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New Deal Could Be A Turning Point In The Effort To Protect South Africa’s National Treasure
December 11, 2012
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Here's a random question - any idea what a rhinoceros horn is worth on the black market?

Try $65,000 per kilogram. In fact, experts say an average sized rhino horn can bring in as much as a quarter of a million dollars.

So, they're pretty valuable - especially in Asian countries, where the horns are often used in traditional medicine.

In Vietnam, demand is huge because it's believed rhino horns help reduce toxins in the body, treat fever and even cure cancer. Rhino horns are said to be more valuable than cocaine there.

new-deal-could-be-a-turning-point-in-efforts-to-protect-south-africas-national-treasure-feature2.jpg

As a result, the illegal poaching of rhinos is big business - particularly in South Africa, which has the biggest rhino population in Africa.

The government says nearly 620 rhinos have been killed there, so far this year. That's almost double the number killed in 2010.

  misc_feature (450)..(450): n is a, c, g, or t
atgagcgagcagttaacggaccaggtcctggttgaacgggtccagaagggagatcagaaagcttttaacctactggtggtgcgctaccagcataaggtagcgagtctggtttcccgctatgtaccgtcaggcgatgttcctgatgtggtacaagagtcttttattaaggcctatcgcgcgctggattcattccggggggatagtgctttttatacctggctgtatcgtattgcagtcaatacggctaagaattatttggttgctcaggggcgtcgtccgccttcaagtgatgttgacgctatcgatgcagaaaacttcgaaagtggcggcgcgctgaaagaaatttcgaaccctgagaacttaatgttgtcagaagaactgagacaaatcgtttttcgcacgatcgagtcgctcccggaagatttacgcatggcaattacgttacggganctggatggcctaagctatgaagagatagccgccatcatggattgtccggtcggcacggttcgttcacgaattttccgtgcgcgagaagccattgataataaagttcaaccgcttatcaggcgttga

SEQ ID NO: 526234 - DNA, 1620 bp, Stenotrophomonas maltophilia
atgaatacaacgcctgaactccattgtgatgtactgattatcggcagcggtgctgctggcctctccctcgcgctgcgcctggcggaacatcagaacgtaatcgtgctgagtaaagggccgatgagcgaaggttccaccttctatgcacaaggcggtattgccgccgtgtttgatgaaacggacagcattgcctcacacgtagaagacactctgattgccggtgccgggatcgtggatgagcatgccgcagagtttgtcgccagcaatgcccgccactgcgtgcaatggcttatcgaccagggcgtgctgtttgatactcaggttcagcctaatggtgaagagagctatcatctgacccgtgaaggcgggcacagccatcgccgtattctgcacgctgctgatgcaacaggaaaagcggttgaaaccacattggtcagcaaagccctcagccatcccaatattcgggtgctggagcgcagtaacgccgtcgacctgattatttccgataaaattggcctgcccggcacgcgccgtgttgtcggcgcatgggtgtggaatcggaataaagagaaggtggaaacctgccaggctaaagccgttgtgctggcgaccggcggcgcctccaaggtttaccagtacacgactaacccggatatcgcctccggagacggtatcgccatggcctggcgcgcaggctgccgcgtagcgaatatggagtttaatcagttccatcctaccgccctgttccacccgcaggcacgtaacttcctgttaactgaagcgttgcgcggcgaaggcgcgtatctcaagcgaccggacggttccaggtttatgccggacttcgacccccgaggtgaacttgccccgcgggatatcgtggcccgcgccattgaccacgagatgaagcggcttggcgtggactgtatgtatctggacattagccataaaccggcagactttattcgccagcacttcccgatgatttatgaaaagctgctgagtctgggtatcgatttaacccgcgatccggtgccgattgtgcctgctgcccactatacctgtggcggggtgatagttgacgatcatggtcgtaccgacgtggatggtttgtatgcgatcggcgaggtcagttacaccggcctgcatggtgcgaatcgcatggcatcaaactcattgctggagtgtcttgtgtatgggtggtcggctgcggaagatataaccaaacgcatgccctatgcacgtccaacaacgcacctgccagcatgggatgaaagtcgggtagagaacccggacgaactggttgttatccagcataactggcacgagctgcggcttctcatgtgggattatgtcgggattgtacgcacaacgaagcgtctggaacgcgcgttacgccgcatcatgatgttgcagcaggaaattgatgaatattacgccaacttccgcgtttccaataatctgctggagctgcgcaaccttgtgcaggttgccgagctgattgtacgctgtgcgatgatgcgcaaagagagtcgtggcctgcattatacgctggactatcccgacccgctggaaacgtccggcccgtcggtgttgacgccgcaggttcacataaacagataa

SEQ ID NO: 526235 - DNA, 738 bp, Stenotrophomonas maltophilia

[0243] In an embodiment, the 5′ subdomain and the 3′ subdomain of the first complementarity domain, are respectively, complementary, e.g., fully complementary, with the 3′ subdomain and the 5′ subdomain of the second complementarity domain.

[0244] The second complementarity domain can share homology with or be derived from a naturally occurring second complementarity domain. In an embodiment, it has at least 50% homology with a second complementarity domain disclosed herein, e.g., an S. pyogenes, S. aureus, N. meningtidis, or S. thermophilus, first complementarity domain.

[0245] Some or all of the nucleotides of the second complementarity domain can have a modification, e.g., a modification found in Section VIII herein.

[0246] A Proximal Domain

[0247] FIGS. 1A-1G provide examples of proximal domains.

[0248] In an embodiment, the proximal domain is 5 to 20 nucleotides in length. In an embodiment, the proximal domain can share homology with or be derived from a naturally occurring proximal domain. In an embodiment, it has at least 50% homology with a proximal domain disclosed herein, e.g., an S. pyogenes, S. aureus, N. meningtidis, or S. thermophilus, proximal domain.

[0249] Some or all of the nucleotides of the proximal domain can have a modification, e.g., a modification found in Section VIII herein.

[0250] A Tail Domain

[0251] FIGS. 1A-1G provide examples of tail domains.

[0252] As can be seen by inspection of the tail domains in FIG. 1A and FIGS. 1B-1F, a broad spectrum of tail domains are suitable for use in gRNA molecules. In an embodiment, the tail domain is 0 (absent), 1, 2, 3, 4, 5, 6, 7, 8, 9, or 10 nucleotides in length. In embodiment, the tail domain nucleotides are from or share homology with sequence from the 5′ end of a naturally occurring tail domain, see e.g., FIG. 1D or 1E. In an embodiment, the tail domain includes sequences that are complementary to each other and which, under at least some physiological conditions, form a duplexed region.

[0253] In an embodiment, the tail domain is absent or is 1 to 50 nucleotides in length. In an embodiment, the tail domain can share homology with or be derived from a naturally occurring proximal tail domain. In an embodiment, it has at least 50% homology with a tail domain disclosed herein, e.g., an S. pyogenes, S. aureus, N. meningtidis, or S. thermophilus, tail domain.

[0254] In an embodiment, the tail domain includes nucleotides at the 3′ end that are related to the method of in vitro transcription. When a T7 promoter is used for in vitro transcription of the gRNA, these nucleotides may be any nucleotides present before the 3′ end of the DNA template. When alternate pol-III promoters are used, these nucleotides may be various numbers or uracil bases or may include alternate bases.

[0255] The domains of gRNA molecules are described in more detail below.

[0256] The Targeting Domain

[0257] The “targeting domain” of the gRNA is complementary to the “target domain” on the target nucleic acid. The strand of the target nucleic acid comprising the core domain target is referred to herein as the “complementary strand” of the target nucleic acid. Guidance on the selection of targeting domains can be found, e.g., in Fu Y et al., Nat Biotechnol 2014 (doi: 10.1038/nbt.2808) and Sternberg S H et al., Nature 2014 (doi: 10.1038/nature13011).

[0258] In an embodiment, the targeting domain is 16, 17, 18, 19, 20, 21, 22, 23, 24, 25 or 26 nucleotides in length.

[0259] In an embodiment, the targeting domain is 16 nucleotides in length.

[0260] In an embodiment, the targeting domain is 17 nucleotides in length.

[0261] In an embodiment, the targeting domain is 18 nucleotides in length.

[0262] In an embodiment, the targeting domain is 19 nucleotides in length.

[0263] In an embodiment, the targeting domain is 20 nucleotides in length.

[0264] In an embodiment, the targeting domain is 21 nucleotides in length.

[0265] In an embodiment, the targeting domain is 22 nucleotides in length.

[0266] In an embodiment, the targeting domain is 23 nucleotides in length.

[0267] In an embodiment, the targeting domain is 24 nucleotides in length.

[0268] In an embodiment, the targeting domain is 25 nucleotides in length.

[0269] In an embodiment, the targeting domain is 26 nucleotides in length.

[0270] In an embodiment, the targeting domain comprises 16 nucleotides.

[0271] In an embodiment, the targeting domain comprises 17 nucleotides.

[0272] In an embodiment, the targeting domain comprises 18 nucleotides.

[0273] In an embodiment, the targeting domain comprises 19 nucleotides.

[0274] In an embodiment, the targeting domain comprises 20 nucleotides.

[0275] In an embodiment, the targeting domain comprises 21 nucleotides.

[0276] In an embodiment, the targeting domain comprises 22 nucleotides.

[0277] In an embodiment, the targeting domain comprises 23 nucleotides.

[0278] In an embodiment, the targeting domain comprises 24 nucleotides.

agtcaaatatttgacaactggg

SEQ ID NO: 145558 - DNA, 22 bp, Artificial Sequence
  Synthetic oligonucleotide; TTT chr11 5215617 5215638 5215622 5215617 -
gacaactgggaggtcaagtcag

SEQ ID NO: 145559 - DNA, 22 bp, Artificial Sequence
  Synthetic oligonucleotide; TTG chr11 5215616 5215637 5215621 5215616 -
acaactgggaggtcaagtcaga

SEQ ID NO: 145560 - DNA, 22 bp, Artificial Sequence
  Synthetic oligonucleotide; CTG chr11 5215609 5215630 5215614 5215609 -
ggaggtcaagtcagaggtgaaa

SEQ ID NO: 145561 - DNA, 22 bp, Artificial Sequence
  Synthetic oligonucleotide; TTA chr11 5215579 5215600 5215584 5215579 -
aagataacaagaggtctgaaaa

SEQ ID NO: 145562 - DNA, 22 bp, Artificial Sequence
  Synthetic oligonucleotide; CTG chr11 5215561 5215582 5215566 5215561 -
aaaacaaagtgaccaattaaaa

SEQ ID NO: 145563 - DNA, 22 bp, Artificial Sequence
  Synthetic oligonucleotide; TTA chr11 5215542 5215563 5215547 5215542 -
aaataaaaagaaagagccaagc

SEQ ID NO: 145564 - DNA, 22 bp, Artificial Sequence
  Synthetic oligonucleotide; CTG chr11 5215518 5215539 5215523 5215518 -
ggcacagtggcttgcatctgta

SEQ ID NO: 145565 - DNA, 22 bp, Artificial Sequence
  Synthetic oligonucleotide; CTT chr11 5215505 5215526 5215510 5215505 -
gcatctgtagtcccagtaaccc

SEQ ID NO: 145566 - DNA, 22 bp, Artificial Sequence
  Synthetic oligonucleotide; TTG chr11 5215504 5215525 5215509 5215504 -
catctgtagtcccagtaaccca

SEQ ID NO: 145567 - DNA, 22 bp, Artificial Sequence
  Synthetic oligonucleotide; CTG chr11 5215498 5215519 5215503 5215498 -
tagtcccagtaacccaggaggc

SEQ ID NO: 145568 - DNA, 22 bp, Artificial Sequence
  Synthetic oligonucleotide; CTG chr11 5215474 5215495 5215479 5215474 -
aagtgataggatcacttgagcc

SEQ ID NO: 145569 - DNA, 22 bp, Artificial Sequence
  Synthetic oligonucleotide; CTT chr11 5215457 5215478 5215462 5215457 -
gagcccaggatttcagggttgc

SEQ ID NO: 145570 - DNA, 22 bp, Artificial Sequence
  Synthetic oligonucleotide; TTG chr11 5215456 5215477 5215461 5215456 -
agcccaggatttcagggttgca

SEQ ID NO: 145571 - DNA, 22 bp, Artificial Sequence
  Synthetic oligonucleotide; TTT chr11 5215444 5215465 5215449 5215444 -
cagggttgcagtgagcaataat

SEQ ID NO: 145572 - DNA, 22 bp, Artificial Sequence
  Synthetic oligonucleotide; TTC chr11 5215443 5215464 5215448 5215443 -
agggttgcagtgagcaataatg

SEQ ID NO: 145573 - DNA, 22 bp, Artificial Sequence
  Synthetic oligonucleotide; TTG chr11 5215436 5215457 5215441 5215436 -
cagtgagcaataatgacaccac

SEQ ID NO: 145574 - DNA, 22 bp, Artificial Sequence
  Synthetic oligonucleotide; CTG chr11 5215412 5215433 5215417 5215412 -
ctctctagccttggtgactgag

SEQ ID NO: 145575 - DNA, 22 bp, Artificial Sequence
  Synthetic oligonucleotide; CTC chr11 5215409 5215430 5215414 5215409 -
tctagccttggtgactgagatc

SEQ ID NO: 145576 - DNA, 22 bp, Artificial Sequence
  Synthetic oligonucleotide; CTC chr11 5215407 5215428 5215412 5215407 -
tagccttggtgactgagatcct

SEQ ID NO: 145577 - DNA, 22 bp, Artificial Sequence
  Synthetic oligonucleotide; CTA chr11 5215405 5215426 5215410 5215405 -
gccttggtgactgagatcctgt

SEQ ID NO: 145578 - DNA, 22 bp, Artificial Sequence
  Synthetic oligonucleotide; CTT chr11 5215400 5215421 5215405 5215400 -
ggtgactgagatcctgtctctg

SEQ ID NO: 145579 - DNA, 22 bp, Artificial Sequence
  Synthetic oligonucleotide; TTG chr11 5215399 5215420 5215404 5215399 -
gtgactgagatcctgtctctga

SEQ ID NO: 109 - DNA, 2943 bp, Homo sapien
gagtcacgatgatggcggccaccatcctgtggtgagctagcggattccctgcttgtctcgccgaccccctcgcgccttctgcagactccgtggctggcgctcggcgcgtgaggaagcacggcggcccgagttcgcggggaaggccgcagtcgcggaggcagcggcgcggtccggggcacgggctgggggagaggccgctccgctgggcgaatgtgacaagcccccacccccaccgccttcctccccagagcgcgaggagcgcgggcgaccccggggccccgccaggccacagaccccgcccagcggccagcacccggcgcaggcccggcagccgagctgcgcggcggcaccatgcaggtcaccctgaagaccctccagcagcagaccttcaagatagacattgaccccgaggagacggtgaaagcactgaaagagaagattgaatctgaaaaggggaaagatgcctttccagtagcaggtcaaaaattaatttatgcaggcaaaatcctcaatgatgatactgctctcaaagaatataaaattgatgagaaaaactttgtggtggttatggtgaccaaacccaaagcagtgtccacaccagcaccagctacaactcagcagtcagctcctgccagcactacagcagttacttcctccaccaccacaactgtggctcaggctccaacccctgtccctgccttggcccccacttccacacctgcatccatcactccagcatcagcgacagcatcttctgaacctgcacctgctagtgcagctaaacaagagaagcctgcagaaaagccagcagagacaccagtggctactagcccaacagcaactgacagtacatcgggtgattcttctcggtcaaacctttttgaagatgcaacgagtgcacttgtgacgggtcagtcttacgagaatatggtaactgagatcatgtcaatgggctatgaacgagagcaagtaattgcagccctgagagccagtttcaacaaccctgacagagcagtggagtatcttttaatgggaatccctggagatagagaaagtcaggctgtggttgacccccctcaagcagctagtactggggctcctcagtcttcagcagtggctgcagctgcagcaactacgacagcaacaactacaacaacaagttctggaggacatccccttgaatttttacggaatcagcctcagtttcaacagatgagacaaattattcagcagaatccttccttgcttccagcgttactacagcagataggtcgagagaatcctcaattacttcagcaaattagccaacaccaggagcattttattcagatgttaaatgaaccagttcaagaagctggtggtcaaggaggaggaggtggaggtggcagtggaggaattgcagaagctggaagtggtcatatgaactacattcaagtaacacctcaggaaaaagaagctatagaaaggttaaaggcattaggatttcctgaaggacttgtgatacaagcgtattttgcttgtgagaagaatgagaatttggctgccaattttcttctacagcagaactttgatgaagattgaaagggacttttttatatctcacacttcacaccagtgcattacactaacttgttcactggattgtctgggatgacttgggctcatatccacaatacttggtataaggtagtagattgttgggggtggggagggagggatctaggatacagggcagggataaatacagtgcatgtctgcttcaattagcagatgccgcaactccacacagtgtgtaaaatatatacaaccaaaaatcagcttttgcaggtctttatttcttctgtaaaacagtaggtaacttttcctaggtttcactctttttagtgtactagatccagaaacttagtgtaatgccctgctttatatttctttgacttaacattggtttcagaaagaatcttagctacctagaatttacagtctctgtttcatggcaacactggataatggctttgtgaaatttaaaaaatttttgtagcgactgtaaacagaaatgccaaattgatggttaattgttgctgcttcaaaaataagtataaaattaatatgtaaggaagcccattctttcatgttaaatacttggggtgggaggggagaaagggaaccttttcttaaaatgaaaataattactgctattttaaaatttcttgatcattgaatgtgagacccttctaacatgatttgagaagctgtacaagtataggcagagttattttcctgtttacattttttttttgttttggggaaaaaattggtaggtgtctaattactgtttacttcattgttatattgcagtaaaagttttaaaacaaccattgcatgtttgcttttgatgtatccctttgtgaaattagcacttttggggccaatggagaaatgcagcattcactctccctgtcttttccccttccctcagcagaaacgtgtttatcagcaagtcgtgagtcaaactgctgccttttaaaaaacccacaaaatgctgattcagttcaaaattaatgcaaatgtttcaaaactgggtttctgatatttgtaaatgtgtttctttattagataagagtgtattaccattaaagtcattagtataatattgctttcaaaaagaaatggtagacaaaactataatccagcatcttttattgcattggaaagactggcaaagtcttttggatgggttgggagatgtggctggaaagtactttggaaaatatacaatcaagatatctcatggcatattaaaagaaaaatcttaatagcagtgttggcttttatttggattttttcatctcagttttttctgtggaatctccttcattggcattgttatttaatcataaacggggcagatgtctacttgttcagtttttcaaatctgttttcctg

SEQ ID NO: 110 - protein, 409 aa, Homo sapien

Well now, a move to try and stop it. South Africa and Vietnam have signed a deal to crack down on the illegal trade of rhino horns.

new-deal-could-be-a-turning-point-in-efforts-to-protect-south-africas-national-treasure-feature3.jpg Under the deal, both countries say they'll put more policing into the fight and share more information with each other.

They also plan to work together to protect South Africa's biodiversity and enforce international treaties that ban the trade in rhino horn.

And both countries say they'll appoint a co-ordinator to oversee the deal, which will be in place for five years.

Conservation groups are welcoming the deal, with the World Wildlife Fund describing it as "a pivotal moment in efforts to tackle the current rhino poaching crisis".

Richard Thomas, from the wildlife trade monitoring group Traffic, told the BBC, "Its implementation will of course be down to political will but the chances are much better if the orders come from high enough in the government."

The World Wildlife Fund recently put out a report on rhino poaching. It estimated that over the past 10 years, Vietnamese hunters have paid more than $22 million to hunt rhinos in South Africa.

"The continued slaughter is a cause for immense concern," South Africa's environmental minister, Edna Molewa said.

"We believe that this latest development at an international level is crucial for South Africa to effectively deal with the current scourge of poaching, and with the illegal hunting largely driven by the international demand for the rhino horn."

Related stories

By The Horns: It's Save The Rhino Day

Are All Animals Created Equal? A Campaign Against Rhino Poaching Draws A Graphic Comparison

The WWF Is Using Aerial Drones To Track Down Poachers

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